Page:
The 4 principles of church planning in major redevelopments

For decades Battersea Power Station has been a derelict icon but now it is at the heart of the largest redevelopment area in central London. Covering nearly 500 acres, the redevelopment of the Nine Elms Vauxhall will include the new American embassy and more than a dozen new sky scrapers. Over 35,000 new residents will to come to live in the area and 25,000 new jobs will be created.

All this will take place in two parishes served by two small inner city churches in the poorest communities in Wandsworth and Lambeth. These parishes will double in size in the next ten years to over 60,000 residents and they will then include some of the wealthiest people in London.

How can two small churches survive when the ministry demands are so great? Here is an initial stab at an answer – four principles of mission planning in major redevelopment areas:\r\n

Principle 1:
It’s Who not What

Planning for growth starts with focusing not on physical changes taking place in an area but on the clergy, area deans and leadership teams who already serve in local parishes and deaneries. The task is to facilitate a collaborate approach to mission and ministry so that churches can become the hub of community building as the area changes. Some key activities to help this process are:\r\n

  1. Create structured opportunities for local parish priests, area deans and their respective teams to step outside their busy schedule and reflect on opportunities and new ideas
  2. Put new ideas into a wider local context of change in the area to help parishes broaden their Mission Action Planning process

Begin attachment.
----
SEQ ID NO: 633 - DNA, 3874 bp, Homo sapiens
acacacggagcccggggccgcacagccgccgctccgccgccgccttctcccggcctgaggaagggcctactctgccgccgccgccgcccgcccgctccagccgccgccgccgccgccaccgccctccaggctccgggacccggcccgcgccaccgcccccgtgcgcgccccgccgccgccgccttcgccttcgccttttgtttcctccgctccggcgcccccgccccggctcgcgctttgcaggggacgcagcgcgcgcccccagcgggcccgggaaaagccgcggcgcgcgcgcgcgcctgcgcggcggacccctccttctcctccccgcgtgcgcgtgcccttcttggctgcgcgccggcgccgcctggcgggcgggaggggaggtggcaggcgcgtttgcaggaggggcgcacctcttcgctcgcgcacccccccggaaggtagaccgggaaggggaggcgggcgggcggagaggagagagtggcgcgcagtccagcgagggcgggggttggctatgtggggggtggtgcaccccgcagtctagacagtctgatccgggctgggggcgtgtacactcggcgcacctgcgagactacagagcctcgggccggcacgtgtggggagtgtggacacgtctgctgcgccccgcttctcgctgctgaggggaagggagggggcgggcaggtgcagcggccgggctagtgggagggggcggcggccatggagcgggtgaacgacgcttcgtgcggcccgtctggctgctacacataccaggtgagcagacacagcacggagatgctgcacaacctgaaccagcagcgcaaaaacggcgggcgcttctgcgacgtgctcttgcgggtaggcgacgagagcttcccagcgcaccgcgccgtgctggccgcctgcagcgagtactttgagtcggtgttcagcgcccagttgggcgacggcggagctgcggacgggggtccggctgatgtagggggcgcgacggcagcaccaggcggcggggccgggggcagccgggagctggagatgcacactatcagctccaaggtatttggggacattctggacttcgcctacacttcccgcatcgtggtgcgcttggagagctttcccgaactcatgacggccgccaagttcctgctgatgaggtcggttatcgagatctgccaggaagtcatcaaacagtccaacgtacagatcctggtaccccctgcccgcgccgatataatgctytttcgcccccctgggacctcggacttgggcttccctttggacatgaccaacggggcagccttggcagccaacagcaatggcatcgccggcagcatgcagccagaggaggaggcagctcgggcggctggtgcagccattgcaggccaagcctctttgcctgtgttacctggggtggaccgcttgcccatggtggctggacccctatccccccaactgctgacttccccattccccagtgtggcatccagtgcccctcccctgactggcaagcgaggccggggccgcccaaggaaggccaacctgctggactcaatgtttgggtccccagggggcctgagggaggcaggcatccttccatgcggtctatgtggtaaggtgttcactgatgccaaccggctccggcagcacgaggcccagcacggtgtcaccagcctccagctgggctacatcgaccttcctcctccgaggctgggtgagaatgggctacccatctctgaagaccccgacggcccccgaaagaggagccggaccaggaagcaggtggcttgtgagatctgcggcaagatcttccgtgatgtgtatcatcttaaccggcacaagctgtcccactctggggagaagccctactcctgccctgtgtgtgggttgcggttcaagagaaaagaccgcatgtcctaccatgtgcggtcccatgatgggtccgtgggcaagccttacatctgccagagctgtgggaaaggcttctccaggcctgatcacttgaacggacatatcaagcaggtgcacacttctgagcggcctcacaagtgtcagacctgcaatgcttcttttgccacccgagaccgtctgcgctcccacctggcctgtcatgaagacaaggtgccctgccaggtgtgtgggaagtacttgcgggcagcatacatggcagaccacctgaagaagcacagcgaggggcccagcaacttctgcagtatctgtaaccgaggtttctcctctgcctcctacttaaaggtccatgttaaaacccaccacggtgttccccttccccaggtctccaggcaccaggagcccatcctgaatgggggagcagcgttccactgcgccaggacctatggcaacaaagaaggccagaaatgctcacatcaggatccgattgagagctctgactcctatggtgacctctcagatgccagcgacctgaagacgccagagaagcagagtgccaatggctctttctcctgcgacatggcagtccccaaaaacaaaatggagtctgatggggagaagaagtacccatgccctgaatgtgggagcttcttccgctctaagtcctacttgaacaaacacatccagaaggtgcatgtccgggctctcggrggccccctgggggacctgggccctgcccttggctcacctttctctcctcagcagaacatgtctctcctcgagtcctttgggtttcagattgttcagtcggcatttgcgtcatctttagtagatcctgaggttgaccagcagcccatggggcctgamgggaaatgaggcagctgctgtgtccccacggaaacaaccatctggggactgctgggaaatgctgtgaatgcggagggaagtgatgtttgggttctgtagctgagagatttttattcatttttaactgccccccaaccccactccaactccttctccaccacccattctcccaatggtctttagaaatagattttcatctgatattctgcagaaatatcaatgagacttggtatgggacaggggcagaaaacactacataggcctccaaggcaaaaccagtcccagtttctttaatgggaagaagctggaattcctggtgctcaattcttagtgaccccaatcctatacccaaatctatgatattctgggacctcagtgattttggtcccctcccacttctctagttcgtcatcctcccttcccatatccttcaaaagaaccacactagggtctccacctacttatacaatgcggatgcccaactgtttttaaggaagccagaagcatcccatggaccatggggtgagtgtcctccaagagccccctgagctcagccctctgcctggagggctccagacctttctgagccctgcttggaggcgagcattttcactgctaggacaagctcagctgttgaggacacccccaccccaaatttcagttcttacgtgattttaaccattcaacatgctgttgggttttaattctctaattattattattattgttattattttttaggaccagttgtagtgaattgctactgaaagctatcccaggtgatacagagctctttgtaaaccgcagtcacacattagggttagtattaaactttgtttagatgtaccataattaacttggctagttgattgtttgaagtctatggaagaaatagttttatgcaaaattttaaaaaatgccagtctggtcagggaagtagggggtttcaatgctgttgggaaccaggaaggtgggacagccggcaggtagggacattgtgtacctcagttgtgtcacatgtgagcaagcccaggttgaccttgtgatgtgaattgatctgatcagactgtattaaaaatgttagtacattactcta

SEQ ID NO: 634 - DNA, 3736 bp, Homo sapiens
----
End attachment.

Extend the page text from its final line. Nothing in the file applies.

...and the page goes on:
3. Maintain project momentum. The timescale for most large redevelopment projects is rarely less than ten years, so find ways to keep church teams engaged with the project.
  4. Develop a strong network of local influencers and power brokers, both inside and outside the church, so as to remain broadly informed and aware of new possibilities and developments

Principle 2:
It’s Leadership First not Strategy First

Finding the right people to lead strategic mission development is more important than trying to design a strategy first and hoping someone will deliver it. The problem is how to facilitate growth at times of rapid urban change and local clergy do not always have the skills to respond to major urban projects. So the two key question to ask before establishing a strategic project are ‘who will drive the project, and what authority will they need to make the project happen?’

Principle 3:
It’s Large and Small not Large or Small

We can no longer expect the local parish church to resource and deliver the levels of engagement demanded by many modern major developments. Planning has to be for 30-40 years, not the 7-14 years most parish priests typically stay in post. Major projects have to be delivered by a partnership between diocese, parish and deaneries. In other words, an integrated strategy must develop from the ground up and top down at the same time.

Principle 4:
It’s Project Time not Church Time

Most of church life is designed around seasonal, weekly and daily rhythms. Major urban redevelopment is not. Redevelopment projects have their own pace, which can at times mean nothing happens for years, and at other times the change is too fast to keep up with. In this context mission practitioners need to tune in to the pace and speed of the project. There will be key moments, perhaps a community consultation or a key high level political meeting, and the successful practitioner has to identify these moments and be ready to make the most of the opportunity.

These four principles have been developed from observations of the real work undertaken in Nine Elms on the South Bank. If there’s a fifth principle, it is that learning must be transferred.

It just doesn’t fit … (church, that is)